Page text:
The Agritechnica machinery show in Germany, which takes place every two years, has its own set of Tractor of the Year awards. A group of European journalists pick what they collectively think are the best tractors in each of four different categories, including best field tractor, best utility, best speciality and best overall design.
This is a competition the Europeans take pretty seriously. The judging panel is made up of 24 ag machinery journalists, and the evaluation process involves more than a cursory inspection. Evaluations start in May and run for a few months through the summer.
This year 22 tractors were entered and each actually underwent a series of field trials at 14 different locations that put more than 100 hours on each of their clocks. The number of entries speaks to the value of such a prize for manufacturers.
“Only field tests give the judges the ability to properly test the tractors,” Fabio Sammaretti, the TOTY chairman, said during the awards presentation ceremony in Hanover, Germany. “This is a contest, and in the end there can only be one winner.”
Well, in this case, four actually.
“I’m extremely proud of what we’ve seen this year in innovations,” said Paulo Pomei, president of tire manufacturer Trelleborg. (That brand was one of the award sponsors.) “These awards can be considered the Oscars of the agricultural industry.”
Italian manufacturer ARGO’s McCormick X6 440 VT Drive tractor won in the utility class. McCormick introduced the line here early in 2017, with their CVT transmission giving the brand a model to compete with upmarket competitors.
But undoubtedly AGCO was the big winner in the TTOY competition this year. Its new T254 Smart Touch Valtra won in both the general category and best design awards. (The best design award winner is picked from the finalist machines in each of the other categories.)
The T254 is packed with cool features, such as a heads-up windshield display for gauges that Canadian farmers can read about, but for the moment cannot buy.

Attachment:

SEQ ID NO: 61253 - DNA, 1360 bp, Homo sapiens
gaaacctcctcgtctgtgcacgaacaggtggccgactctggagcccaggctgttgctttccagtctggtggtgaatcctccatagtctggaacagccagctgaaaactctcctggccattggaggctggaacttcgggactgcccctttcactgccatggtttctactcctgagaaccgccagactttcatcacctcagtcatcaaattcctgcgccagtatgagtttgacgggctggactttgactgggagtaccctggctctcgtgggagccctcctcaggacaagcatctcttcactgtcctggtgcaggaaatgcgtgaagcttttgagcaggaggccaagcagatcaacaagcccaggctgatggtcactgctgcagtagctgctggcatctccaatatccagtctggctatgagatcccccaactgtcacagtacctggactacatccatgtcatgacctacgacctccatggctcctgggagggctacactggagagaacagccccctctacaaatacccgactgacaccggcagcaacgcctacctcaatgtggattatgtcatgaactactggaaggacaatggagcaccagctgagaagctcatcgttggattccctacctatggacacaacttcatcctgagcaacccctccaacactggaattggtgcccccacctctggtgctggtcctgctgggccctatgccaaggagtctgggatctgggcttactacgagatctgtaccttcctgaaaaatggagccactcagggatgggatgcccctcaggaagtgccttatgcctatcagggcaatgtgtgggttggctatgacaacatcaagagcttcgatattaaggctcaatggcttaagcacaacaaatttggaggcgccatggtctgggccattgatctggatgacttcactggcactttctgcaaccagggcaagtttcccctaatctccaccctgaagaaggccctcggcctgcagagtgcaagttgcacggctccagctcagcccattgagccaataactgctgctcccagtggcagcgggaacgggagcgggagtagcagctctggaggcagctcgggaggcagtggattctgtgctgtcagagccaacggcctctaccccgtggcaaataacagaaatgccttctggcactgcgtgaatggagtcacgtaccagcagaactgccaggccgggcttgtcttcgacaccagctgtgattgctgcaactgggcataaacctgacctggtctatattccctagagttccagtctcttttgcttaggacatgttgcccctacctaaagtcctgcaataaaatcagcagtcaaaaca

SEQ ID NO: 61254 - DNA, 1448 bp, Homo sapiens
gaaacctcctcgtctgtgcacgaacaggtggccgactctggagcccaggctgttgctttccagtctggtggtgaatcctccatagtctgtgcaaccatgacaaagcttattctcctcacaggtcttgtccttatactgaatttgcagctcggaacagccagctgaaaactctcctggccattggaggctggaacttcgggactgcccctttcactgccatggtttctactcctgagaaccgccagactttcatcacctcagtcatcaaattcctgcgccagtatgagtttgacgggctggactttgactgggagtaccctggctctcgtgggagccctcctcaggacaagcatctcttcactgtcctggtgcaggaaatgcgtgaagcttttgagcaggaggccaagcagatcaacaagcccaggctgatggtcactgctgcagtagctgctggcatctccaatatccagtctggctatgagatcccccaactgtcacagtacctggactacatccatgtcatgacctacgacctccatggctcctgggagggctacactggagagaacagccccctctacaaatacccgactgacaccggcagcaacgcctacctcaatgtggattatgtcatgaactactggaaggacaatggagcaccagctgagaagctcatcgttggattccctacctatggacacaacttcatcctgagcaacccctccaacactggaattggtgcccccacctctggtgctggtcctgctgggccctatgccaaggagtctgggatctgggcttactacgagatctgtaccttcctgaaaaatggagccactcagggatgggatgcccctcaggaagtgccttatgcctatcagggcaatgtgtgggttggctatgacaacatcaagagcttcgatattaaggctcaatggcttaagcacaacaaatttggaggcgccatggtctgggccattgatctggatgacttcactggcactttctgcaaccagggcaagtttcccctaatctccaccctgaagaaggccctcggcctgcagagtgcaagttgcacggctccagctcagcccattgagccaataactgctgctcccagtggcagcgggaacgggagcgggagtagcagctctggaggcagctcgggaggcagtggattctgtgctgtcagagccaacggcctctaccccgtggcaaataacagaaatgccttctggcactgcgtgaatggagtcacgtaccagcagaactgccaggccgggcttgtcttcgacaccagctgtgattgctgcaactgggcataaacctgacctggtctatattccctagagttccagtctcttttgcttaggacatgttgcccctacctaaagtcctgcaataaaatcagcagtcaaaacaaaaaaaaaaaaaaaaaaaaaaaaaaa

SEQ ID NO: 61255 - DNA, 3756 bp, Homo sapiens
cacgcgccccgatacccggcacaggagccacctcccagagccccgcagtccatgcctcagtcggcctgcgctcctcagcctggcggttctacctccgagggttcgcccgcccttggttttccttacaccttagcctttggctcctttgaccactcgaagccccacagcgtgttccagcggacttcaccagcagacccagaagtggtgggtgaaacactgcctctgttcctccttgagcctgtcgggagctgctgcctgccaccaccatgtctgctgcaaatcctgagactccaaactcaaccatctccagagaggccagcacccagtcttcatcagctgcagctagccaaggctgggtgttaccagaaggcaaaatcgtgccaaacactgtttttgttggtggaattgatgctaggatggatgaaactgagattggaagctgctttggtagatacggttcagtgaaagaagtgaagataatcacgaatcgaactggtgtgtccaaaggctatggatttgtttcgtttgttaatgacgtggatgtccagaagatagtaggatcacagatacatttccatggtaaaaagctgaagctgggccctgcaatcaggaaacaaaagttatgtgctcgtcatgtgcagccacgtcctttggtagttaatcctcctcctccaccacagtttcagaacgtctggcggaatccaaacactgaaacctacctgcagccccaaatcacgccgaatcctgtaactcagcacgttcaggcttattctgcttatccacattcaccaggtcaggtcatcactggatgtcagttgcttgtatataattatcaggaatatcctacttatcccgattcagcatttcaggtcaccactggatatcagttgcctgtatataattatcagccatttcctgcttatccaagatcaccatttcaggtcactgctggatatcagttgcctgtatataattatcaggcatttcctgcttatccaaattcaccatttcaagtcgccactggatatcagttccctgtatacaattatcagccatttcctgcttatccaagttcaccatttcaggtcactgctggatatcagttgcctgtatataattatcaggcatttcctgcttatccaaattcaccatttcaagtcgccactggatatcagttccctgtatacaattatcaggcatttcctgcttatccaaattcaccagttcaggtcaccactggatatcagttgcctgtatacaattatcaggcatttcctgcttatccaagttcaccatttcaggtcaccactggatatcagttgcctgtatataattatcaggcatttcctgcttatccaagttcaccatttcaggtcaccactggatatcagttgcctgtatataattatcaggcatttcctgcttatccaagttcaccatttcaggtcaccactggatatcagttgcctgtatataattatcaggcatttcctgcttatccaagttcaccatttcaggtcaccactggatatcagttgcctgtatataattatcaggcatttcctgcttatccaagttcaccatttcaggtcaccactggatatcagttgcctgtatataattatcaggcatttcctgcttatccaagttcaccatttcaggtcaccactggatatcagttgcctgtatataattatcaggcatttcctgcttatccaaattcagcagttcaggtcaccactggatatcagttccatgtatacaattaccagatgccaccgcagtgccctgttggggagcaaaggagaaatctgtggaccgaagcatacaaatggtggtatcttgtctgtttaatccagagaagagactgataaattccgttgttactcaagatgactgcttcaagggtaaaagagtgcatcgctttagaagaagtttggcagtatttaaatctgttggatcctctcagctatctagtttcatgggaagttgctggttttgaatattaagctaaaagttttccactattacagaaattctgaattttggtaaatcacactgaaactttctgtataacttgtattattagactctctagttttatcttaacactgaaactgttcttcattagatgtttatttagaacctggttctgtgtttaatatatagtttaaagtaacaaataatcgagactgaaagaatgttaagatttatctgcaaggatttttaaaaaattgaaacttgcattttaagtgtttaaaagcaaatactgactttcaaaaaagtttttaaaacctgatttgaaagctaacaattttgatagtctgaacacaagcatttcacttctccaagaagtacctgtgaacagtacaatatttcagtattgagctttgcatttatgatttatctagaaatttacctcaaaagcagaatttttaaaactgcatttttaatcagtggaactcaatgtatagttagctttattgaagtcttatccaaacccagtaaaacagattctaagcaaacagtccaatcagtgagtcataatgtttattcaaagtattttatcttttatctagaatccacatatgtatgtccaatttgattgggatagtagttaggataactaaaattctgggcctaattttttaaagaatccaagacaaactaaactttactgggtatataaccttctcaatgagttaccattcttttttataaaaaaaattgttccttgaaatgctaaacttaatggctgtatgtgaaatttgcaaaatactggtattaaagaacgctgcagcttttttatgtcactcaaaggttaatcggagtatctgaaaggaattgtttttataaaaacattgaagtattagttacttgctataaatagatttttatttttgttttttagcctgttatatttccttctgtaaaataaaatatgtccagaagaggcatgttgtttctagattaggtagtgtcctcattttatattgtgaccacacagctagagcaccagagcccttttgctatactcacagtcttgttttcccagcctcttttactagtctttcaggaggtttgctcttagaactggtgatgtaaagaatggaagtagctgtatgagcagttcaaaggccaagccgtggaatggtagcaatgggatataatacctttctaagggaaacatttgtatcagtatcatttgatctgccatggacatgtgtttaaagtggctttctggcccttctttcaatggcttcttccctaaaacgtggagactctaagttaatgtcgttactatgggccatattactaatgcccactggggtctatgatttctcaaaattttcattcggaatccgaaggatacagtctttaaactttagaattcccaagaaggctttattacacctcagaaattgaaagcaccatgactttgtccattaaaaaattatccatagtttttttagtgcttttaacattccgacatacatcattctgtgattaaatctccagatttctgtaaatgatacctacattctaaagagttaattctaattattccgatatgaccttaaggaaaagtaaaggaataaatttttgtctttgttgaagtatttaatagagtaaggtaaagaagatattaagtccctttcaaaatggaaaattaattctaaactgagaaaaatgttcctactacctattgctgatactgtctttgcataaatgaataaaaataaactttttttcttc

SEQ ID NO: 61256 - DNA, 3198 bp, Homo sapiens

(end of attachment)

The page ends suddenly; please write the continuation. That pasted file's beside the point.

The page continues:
AGCO discontinued distribution of its Valtra line in North America several years ago, but these new features will likely bleed into tractors in the brand’s other lines — eventually. That’s been the case with most of the technologies so far.
AGCO’s 112-hp, vineyard Fendt 211 Vario V picked up the Best of Specialized award. We don’t get that one here in Canada either.
We may not pick a tractor of the year here in North America, but there are a variety of awards handed out to equipment manufacturers on this side of the Atlantic as well. And one of the most prestigious is the Good Design award given out by the Chicago Athenaeum Museum of Architecture and Design. It isn’t always won by a farm equipment manufacturer. So when it is, that’s something for a brand to brag about.
This year Case IH’s autonomous Magnum tractor took one of them back to the brand headquarters in Racine, Wisconsin. Caterpillar can also lay claim to one of these awards from many years ago when it launched the Challenger 65, the first belted ag tractor.
The Magnum was revealed to the public two years ago and has since been on a global odyssey, appearing at a variety of farm machinery shows on different continents. It was originally billed as a “concept study” and the brand invited farmer feedback. Apparently, it got just that.
“From talking to customers in different countries, we see that for the near term, they want to have the flexibility of still having a cab on the tractor. This is the direction we are taking because we want our customers to feel comfortable as they begin to delegate more tasks to the machines,” said Andreas Klauser, Case IH Brand president in a press release.
So despite putting out an award-winning design, the autonomous Magnum will need to change form before it sees commercial production.
In February, also watch for news from the American Society of Agricultural and Biological Engineers (ASABE), which is announcing its full list of the 50 agricultural machinery engineering design winners that will get an AE50 award. The list of winners is unveiled at their annual convention that coincides with the National Farm Machinery Show in Louisville, Kentucky.